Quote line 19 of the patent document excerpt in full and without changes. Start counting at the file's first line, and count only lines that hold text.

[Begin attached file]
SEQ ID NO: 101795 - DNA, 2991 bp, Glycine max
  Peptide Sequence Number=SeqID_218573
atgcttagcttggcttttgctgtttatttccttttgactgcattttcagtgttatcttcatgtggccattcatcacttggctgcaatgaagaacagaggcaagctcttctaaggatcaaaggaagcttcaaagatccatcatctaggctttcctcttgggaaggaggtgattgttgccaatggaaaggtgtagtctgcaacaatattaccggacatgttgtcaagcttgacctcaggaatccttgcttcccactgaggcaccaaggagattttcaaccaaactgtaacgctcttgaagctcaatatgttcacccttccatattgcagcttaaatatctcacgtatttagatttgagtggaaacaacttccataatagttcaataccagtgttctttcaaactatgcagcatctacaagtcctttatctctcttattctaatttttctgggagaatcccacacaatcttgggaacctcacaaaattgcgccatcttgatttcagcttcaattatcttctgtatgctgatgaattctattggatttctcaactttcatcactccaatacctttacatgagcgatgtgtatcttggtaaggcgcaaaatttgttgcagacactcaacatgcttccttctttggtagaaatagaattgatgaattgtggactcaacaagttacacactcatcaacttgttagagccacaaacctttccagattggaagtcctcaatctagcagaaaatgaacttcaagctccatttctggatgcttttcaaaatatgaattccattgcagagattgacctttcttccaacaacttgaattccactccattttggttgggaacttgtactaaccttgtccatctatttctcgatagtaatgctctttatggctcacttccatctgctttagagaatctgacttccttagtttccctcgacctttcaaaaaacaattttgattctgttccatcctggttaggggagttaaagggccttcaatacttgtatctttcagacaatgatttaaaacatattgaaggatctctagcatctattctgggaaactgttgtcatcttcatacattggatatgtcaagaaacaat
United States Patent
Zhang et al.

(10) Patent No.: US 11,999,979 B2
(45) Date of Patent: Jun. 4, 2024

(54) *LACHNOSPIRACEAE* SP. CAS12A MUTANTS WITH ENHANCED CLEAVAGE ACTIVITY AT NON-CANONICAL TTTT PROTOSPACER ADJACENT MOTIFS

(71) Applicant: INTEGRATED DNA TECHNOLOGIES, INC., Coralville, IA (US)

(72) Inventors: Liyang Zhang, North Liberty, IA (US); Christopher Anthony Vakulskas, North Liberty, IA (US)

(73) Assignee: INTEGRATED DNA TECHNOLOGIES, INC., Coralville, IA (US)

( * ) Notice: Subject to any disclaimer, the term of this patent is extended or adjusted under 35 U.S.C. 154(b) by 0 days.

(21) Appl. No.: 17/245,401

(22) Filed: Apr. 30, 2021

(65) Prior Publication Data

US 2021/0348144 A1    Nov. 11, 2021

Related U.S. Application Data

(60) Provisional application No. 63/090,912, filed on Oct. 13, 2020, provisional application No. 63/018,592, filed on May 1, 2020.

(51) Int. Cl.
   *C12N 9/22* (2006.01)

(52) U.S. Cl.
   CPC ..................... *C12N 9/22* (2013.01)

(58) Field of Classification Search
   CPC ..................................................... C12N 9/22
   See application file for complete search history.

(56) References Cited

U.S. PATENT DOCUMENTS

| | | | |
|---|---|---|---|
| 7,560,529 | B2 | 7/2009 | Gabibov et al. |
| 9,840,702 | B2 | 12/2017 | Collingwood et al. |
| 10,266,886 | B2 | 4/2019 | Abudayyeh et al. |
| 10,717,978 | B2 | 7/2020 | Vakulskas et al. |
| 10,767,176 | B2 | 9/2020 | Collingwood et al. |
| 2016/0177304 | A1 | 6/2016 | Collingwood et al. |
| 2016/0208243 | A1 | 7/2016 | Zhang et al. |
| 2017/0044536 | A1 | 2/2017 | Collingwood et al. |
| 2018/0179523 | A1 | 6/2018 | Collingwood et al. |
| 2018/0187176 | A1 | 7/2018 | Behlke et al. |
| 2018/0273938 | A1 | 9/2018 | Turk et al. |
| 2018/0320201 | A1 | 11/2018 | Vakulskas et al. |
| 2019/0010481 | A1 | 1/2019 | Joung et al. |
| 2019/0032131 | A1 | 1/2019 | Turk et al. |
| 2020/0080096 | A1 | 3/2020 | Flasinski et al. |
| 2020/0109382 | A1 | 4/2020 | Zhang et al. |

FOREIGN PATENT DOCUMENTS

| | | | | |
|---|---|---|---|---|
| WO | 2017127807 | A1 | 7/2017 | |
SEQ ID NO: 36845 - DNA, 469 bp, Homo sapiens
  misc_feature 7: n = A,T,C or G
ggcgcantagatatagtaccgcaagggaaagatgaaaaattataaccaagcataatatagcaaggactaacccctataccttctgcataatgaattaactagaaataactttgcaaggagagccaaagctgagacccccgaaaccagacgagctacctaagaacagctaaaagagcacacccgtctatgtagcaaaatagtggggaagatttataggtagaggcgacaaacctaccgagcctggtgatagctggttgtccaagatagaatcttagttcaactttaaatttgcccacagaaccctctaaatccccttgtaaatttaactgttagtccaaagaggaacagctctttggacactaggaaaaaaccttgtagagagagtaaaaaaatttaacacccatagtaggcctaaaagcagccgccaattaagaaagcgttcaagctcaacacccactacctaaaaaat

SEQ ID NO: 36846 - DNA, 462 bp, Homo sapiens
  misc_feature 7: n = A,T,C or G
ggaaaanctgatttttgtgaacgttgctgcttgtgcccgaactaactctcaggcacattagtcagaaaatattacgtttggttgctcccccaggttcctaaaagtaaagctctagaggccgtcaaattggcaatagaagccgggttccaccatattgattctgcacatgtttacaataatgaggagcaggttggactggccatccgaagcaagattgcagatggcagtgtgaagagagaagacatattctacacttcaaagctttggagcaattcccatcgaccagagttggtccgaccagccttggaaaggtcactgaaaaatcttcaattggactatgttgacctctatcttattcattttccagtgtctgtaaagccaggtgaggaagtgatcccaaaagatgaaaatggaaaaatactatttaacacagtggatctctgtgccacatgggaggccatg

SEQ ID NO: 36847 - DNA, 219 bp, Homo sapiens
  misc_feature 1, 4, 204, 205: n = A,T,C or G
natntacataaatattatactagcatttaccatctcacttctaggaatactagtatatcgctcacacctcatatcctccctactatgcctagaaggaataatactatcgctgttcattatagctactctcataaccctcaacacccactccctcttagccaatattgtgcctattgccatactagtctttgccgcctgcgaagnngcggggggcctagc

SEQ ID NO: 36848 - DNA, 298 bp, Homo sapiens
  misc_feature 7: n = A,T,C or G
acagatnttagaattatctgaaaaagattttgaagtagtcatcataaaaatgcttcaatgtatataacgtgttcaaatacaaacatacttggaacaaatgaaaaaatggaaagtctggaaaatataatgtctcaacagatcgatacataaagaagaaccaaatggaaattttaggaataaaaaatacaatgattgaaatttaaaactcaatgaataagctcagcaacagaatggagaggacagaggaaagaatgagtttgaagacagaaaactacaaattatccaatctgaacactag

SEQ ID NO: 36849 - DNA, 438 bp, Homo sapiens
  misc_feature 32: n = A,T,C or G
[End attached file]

(51) Int. Cl.